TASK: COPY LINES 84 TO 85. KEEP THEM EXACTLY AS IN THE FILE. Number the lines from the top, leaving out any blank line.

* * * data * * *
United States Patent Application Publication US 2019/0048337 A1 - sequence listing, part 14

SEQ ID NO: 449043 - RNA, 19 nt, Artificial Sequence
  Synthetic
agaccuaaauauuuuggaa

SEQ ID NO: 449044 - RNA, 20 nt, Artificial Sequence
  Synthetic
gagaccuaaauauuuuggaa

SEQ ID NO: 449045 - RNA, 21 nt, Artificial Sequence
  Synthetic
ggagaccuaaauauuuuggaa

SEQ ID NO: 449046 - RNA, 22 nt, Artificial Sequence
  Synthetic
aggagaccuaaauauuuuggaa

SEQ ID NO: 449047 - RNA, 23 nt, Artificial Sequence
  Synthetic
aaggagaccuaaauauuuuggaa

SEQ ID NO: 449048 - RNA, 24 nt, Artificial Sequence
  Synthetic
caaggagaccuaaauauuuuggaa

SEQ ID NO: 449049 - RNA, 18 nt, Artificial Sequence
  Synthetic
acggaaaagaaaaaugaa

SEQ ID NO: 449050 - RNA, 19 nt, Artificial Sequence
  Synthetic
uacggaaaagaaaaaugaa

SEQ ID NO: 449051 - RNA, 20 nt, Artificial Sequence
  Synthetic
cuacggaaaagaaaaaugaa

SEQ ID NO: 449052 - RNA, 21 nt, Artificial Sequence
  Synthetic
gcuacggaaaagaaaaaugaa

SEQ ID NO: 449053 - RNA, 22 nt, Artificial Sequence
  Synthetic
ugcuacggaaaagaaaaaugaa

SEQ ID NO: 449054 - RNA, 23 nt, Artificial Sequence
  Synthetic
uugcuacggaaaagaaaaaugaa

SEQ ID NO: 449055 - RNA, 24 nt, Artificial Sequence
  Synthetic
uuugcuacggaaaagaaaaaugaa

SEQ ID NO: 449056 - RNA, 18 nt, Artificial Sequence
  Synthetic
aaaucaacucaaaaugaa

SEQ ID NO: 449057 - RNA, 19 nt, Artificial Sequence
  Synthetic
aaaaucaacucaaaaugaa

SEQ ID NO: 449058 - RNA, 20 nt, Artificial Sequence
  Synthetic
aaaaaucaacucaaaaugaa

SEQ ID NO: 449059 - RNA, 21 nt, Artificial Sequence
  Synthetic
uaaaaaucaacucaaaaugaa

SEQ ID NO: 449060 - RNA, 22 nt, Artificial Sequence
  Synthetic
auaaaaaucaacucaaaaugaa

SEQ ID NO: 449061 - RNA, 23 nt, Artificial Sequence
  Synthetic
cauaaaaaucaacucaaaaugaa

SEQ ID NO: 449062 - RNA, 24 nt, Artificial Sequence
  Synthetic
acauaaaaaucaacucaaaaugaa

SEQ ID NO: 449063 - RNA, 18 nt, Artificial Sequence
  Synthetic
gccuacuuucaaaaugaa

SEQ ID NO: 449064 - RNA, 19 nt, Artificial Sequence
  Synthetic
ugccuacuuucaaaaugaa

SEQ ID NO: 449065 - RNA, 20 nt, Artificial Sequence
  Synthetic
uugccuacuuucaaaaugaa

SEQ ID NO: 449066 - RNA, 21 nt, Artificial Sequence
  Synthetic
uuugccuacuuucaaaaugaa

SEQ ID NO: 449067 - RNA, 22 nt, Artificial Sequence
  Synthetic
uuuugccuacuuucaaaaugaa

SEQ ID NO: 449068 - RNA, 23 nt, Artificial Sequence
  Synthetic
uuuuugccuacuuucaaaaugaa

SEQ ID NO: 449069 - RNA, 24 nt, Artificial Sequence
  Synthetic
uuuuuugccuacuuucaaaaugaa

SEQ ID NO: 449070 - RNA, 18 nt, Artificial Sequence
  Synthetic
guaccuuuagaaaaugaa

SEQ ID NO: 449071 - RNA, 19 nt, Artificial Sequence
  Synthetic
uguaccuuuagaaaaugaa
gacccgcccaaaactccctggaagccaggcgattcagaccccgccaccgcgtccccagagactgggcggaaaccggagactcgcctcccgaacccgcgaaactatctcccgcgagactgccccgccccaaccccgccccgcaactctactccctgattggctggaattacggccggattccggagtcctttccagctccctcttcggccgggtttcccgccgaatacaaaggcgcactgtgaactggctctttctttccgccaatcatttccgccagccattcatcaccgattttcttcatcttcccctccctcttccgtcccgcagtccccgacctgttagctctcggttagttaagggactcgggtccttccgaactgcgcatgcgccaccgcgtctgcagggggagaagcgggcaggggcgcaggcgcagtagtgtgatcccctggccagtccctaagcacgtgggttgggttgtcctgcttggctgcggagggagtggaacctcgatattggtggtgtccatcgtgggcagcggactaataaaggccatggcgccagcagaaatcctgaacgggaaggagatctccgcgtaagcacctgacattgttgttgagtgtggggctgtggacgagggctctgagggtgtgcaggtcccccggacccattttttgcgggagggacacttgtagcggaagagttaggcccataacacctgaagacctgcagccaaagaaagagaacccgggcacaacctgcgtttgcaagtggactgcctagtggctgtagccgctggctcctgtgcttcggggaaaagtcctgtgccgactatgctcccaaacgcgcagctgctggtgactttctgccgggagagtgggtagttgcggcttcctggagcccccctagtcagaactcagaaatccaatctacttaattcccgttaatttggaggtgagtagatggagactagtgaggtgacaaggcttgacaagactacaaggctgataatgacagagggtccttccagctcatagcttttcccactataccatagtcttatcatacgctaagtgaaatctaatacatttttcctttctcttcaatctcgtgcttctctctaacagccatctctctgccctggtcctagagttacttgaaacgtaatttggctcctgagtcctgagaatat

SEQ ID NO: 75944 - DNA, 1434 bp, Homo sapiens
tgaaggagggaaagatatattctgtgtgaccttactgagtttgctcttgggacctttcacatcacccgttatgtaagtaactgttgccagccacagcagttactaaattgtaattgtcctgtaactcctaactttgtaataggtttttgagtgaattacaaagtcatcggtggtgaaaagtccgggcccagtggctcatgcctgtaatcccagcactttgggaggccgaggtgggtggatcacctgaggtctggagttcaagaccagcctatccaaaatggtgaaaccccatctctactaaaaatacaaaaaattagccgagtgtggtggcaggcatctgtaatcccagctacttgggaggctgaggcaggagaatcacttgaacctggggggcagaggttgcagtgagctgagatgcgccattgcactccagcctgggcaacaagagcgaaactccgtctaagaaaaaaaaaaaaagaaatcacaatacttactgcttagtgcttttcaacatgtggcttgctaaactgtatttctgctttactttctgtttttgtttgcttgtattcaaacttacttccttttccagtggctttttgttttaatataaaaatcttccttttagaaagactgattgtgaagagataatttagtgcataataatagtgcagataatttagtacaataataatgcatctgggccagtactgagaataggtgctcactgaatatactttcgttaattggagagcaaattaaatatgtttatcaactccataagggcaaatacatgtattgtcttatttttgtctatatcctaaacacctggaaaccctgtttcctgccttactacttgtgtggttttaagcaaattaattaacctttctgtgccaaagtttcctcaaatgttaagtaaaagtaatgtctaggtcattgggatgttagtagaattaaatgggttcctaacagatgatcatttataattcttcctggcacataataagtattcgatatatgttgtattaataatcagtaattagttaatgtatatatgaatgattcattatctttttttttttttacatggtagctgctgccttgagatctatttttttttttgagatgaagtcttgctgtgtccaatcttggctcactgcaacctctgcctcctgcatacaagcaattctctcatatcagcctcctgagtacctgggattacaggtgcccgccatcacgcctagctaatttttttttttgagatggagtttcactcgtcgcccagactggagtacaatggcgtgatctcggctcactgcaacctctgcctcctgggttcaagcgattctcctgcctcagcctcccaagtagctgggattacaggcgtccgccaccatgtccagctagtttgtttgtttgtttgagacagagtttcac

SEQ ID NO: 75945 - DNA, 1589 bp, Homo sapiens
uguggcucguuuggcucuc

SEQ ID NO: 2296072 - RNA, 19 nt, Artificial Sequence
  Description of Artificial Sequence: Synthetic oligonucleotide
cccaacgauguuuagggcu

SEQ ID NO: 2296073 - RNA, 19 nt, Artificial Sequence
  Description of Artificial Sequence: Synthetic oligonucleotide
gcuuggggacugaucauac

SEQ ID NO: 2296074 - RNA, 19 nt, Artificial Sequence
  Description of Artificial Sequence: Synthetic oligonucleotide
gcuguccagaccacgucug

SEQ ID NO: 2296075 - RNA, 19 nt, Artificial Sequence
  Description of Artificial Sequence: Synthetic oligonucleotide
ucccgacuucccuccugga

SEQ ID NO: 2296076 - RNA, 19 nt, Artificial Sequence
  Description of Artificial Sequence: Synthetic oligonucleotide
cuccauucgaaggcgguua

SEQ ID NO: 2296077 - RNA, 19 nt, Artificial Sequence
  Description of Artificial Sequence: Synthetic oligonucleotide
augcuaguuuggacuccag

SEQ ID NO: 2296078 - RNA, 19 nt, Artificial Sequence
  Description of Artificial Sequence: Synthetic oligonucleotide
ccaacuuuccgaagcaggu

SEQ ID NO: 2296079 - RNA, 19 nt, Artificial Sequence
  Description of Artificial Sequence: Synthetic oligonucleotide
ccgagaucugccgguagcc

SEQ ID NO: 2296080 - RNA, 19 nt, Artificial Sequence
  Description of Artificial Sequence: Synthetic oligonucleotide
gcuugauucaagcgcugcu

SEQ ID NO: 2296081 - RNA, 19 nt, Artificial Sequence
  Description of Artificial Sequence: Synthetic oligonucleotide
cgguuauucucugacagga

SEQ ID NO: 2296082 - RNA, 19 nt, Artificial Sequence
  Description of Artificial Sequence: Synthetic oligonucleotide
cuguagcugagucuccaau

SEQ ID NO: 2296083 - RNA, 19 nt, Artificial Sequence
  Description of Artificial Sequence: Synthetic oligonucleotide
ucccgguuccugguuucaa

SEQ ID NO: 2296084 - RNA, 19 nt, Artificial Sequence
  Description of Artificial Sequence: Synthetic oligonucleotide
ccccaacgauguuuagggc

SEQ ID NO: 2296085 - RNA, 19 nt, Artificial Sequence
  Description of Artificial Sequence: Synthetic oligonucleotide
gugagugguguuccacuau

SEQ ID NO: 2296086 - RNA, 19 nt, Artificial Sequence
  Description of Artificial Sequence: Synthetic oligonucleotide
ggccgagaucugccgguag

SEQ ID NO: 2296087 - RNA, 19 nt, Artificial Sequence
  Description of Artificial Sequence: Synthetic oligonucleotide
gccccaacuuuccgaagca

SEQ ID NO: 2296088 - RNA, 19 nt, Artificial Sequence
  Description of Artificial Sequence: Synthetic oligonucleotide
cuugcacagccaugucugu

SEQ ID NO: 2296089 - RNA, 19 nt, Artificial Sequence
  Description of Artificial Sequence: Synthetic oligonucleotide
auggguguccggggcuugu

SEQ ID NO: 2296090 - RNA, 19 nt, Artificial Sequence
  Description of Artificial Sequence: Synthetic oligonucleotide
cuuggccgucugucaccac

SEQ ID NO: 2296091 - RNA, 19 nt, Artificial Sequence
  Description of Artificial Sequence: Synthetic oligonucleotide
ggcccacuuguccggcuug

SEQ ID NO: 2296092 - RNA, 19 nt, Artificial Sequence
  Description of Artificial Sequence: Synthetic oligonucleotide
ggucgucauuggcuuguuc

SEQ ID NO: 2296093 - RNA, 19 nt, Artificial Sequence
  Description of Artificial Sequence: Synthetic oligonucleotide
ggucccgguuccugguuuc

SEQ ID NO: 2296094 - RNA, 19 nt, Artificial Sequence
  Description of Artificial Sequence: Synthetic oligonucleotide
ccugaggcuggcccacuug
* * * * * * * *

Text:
  Synthetic
guaccuuuagaaaaugaa